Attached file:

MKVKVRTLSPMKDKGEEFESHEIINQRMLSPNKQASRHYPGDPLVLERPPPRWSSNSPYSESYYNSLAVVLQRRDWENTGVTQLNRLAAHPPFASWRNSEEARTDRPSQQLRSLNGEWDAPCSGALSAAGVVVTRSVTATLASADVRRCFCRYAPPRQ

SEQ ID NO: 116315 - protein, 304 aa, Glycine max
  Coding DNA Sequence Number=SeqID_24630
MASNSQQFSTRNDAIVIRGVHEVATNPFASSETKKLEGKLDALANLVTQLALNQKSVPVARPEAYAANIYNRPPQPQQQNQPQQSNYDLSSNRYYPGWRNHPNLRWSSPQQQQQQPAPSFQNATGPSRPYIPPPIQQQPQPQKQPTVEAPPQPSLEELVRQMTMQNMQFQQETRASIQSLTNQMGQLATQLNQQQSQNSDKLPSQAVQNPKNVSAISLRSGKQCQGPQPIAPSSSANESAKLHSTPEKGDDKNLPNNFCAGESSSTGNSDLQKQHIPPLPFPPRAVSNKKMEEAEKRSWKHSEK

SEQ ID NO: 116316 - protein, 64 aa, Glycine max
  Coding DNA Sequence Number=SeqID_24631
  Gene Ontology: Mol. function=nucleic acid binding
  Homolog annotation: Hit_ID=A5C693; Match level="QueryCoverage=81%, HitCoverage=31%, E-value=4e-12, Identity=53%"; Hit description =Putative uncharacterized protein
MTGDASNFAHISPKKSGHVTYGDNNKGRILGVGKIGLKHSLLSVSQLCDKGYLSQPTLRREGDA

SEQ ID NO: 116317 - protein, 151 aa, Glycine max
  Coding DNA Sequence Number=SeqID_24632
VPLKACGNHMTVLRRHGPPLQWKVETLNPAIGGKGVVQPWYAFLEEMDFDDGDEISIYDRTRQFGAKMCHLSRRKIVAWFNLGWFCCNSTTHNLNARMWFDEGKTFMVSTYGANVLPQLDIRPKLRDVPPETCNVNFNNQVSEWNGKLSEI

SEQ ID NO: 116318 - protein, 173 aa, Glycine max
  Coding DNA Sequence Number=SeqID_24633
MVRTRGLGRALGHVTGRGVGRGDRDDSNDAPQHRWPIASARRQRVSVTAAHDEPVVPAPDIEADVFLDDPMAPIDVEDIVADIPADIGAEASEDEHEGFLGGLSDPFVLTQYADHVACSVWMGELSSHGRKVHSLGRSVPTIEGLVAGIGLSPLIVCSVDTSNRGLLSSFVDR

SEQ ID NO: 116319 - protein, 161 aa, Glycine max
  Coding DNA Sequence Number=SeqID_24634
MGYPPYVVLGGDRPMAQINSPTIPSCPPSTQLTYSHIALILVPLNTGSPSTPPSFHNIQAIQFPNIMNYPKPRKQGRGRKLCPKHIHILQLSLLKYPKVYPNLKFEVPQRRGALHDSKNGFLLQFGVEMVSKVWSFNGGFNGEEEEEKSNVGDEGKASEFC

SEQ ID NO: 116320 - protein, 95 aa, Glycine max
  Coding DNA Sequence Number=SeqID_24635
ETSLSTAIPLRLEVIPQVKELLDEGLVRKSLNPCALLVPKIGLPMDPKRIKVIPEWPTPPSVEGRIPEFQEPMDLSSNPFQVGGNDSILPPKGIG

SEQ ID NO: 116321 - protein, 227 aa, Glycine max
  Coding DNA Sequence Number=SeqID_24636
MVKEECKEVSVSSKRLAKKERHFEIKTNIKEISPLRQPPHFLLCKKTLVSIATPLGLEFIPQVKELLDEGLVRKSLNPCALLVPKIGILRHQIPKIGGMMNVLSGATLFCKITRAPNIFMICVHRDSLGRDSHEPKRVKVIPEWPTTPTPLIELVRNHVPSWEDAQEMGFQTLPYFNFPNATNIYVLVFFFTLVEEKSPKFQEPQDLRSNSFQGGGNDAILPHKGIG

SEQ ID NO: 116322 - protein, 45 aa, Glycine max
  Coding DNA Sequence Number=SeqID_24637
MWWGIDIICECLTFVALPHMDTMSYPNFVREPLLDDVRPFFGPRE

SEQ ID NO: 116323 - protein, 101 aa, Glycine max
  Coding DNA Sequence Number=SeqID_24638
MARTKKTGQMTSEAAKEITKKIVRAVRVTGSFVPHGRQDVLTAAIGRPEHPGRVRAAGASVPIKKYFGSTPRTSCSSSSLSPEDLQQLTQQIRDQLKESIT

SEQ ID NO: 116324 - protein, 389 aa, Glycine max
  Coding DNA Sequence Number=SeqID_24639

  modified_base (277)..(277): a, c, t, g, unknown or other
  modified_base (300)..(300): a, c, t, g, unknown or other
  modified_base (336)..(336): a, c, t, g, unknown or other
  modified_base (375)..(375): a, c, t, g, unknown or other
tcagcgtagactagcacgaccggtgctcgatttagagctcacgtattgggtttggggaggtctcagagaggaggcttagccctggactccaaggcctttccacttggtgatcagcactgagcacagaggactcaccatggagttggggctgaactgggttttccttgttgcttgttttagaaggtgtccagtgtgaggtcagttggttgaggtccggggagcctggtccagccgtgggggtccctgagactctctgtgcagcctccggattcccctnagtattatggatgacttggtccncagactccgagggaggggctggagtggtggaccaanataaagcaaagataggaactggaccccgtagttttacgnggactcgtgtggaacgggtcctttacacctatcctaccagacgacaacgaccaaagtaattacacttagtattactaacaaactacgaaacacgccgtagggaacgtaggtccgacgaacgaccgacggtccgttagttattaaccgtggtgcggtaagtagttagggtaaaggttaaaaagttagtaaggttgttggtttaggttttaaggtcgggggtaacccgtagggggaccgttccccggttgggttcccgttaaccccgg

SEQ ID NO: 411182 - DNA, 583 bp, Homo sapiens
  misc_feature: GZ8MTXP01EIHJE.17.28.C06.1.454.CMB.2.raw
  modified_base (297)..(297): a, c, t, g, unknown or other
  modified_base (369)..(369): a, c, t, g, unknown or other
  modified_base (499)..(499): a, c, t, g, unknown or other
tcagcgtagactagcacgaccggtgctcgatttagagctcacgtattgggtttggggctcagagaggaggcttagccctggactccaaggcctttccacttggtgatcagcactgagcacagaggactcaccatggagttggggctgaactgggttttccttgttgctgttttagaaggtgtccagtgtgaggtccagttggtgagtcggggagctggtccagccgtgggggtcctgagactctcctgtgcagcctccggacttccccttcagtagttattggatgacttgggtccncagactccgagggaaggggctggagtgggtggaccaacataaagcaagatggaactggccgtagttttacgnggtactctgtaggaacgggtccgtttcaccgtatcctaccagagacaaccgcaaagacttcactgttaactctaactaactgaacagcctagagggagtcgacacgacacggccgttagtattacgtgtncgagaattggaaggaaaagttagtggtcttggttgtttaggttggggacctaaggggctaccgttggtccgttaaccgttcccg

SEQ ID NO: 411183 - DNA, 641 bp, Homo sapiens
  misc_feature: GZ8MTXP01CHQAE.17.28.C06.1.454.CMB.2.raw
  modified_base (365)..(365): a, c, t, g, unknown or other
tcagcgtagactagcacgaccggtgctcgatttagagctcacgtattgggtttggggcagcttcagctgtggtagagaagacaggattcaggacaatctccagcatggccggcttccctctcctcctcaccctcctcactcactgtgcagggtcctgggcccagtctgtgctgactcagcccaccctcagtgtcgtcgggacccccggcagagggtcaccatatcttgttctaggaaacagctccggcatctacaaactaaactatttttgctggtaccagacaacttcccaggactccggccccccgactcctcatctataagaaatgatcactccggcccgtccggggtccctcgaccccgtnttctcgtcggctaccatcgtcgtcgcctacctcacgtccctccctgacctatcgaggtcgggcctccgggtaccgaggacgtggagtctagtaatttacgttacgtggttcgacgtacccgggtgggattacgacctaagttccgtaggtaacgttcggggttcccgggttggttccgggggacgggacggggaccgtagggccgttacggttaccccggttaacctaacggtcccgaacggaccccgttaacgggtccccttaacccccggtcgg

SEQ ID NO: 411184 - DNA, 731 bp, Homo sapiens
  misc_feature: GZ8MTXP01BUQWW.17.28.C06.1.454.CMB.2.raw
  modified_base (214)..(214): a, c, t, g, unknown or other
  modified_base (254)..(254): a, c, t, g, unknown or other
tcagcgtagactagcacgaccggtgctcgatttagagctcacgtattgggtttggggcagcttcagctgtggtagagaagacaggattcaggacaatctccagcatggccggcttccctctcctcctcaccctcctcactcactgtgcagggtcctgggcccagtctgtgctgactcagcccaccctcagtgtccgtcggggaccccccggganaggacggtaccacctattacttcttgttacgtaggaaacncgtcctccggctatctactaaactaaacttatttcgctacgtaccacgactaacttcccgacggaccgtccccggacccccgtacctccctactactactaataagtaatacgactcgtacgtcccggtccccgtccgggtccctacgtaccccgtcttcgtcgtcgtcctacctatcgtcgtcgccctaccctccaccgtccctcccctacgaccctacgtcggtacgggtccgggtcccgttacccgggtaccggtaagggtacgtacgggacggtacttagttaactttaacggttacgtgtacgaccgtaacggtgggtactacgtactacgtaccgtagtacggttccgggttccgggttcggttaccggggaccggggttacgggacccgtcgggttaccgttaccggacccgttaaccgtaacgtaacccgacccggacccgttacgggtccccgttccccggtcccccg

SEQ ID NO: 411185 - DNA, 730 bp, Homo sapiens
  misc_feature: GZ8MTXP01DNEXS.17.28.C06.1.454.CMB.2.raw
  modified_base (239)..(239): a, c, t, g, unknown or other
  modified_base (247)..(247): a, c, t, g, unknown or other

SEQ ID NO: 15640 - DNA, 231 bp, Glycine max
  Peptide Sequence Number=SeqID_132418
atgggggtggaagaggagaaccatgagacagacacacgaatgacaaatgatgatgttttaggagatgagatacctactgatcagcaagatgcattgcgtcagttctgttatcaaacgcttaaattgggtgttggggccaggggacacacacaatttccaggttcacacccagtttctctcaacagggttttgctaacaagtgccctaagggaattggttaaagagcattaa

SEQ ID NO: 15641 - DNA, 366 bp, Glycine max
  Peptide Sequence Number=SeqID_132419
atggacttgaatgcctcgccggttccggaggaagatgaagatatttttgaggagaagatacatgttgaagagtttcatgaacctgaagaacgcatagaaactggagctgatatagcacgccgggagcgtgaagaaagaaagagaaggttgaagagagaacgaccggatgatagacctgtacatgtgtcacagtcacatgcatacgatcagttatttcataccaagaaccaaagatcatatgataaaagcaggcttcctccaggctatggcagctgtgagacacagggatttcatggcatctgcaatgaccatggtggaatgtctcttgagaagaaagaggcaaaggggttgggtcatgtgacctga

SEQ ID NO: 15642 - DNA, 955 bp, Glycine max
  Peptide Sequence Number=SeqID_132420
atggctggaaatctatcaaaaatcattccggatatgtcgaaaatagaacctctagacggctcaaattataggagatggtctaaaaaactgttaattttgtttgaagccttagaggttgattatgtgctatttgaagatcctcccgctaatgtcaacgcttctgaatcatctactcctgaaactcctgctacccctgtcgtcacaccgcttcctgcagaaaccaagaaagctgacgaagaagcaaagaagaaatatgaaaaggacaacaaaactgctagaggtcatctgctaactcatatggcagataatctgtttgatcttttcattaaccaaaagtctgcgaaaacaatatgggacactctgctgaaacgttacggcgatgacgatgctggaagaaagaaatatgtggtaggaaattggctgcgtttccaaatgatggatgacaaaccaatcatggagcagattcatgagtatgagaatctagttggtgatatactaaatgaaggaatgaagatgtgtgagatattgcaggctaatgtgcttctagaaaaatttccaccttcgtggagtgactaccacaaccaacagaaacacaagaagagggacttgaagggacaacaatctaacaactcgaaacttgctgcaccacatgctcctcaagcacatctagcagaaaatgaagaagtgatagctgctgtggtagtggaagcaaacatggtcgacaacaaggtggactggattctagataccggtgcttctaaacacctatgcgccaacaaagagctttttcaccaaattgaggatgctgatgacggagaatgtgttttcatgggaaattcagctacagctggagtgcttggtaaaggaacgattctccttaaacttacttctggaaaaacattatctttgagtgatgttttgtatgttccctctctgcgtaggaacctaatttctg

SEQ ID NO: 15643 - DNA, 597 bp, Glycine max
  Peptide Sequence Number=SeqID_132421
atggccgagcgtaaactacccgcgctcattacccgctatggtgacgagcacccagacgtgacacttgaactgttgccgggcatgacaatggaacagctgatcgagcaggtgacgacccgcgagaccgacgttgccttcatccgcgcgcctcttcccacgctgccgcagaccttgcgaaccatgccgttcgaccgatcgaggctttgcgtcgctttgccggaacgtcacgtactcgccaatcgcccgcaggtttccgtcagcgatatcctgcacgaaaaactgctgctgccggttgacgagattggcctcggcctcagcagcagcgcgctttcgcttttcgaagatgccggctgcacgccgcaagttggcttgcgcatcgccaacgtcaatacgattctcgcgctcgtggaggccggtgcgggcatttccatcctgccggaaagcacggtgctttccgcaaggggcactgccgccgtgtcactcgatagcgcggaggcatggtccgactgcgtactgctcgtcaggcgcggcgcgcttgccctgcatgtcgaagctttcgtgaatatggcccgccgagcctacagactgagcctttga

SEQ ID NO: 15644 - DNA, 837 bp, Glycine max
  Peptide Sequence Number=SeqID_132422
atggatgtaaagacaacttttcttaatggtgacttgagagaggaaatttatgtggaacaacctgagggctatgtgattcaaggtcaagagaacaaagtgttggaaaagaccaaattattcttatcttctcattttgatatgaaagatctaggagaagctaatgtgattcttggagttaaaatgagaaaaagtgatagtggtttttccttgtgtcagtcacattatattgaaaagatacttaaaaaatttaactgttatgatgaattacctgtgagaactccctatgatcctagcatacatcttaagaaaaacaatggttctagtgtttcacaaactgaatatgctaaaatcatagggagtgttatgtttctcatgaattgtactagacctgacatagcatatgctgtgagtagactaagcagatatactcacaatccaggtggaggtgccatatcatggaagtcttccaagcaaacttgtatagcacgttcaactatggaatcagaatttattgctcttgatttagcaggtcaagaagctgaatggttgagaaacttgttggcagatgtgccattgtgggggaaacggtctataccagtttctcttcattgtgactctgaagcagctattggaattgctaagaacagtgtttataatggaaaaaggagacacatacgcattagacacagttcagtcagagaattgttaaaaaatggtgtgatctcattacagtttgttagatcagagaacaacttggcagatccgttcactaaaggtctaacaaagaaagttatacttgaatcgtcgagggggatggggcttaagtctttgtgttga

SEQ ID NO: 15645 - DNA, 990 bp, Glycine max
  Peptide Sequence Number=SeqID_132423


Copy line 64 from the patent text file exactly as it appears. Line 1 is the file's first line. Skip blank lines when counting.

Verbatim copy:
  Peptide Sequence Number=SeqID_132420